For those whose innermost desires force them to occupy the fringes of society, radical indulgence is revolutionary. A person’s home is their sanctuary when they cannot be themselves publicly. Though Frank took his position of authority too far at times, many willingly participated in the lust he enabled and were ultimately grateful for it. Columbia continues to be his faithful servant while challenging him when his actions hurt her feelings, and Brad and Janet gleefully partake in the underwater group romance. Their inhibitions are gone, and their deepest desires are fully realized. When Frank-N-Furter dies at the hands of Riff Raff, Brad and Janet gasp and seem genuinely saddened by his and Rocky’s loss.
Frank’s final performance of “I’m Going Home” features an audience of predominantly white, elderly, wealthy people cheering him on as he sings, “Everywhere it’s been the same, feeling like I’m outside in the rain, wheeling,” showcasing his disconnection and lack of acceptance from a society whose approval he craves. Frank championed a decadence so often stigmatized and shamed by the general public, creating a space where this freedom could be revealed. He dared others not to “dream it,” their hopes and wishes, but “be it” and embody them boldly and brashly. Frank-N-Furter is unforgettable in his subversive tight spandex and pearl necklace, an accurate image of fierce queerness and irrelevant gender norms, unafraid to highlight that not all queer people are images of innocence, but where’s the fun in that anyway?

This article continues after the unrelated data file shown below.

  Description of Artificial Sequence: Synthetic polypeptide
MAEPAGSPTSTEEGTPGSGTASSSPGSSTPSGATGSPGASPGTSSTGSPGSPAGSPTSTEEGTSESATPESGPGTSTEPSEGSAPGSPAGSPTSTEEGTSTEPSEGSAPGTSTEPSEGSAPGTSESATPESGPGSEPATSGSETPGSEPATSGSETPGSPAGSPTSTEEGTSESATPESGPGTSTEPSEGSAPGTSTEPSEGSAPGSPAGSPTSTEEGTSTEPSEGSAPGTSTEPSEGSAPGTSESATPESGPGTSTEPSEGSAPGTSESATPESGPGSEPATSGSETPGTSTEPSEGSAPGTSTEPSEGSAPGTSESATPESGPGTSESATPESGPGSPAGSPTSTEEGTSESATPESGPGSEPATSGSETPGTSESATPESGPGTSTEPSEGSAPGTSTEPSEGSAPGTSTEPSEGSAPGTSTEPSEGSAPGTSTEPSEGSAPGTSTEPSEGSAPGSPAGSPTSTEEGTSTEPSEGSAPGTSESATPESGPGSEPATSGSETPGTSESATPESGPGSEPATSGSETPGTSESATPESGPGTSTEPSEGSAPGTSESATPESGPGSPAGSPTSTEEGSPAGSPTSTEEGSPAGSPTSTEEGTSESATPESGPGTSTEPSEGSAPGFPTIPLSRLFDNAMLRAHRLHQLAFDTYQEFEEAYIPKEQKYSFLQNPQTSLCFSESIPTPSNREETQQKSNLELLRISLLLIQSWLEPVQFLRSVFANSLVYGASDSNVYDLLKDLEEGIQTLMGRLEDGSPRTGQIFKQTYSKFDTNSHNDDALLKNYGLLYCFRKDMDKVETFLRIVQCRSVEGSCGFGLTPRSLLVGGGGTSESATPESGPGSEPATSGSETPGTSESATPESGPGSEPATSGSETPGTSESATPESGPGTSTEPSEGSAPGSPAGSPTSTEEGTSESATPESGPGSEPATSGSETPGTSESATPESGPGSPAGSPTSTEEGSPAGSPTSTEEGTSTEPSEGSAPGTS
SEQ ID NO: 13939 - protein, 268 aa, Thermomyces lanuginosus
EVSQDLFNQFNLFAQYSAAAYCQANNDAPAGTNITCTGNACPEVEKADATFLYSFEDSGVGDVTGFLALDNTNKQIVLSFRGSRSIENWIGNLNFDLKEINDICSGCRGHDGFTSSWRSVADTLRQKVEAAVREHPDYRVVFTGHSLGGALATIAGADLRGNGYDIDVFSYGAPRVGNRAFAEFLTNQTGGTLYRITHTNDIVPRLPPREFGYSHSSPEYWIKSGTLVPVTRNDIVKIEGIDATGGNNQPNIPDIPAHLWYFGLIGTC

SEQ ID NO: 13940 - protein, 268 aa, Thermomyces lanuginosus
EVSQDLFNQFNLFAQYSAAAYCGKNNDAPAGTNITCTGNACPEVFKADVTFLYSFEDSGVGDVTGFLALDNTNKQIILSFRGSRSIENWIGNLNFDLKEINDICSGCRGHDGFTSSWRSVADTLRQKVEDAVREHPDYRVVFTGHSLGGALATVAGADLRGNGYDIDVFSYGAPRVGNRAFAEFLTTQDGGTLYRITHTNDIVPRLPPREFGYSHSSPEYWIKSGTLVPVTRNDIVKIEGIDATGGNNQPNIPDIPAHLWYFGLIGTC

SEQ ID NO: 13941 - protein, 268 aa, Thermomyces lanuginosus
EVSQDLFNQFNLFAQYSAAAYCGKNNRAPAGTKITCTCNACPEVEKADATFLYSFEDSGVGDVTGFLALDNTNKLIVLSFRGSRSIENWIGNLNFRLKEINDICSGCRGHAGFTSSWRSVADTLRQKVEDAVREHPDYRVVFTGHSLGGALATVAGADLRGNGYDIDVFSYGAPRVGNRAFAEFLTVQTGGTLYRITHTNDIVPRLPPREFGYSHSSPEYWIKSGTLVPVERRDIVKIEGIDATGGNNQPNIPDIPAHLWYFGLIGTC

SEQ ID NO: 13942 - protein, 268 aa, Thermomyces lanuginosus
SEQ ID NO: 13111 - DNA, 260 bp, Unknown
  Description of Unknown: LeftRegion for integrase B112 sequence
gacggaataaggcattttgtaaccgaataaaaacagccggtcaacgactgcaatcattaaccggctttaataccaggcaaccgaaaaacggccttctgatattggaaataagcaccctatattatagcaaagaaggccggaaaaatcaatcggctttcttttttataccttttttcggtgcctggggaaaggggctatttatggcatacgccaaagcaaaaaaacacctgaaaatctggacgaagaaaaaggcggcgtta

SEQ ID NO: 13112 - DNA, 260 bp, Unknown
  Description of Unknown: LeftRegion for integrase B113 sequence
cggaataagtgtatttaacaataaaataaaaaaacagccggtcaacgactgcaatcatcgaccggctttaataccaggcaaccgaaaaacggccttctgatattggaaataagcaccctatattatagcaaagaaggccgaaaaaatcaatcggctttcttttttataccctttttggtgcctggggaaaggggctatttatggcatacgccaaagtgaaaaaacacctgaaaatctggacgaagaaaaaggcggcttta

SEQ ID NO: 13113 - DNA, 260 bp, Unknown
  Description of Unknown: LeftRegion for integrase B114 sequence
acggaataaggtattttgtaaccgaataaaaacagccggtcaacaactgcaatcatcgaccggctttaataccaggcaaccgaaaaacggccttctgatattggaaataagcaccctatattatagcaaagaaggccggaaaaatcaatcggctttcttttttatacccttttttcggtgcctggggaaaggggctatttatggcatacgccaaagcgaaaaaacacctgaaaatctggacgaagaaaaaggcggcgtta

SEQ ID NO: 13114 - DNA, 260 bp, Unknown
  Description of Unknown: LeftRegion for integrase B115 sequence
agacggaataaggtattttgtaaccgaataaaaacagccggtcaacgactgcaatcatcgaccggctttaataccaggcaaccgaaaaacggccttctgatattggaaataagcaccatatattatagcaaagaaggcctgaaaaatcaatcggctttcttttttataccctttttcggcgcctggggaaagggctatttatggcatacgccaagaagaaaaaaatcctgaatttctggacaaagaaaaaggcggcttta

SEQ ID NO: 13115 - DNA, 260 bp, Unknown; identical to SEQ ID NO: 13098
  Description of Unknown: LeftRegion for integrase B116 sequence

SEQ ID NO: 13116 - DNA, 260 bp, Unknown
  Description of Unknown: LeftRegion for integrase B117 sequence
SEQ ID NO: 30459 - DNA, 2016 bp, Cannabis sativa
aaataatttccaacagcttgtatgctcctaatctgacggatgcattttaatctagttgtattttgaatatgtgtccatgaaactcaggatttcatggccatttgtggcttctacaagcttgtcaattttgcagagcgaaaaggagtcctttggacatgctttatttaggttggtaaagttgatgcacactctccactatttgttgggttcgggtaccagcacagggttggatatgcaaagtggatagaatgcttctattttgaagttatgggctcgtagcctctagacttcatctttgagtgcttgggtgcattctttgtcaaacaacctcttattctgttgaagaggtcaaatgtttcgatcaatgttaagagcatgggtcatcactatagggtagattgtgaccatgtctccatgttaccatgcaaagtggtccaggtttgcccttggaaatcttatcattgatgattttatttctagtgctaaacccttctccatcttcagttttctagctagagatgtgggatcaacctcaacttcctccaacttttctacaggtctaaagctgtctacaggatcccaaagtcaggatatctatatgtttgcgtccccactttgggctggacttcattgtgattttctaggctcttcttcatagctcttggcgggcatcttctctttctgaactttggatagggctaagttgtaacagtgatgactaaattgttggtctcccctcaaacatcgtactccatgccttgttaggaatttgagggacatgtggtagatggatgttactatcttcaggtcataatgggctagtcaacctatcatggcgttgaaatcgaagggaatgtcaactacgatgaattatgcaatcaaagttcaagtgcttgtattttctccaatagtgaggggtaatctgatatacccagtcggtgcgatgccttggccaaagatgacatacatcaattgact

The Rocky Horror Picture Show 1975 20th Century Fox Official Trailer
|Ariana Martinez is a Florida-based writer and filmmaker pursuing a cinema studies degree. Their work frequently gravitates toward explorations of gender and sexuality in film, and they have a Youtube channel and website, Awake in the A.M., dedicated to film analysis.|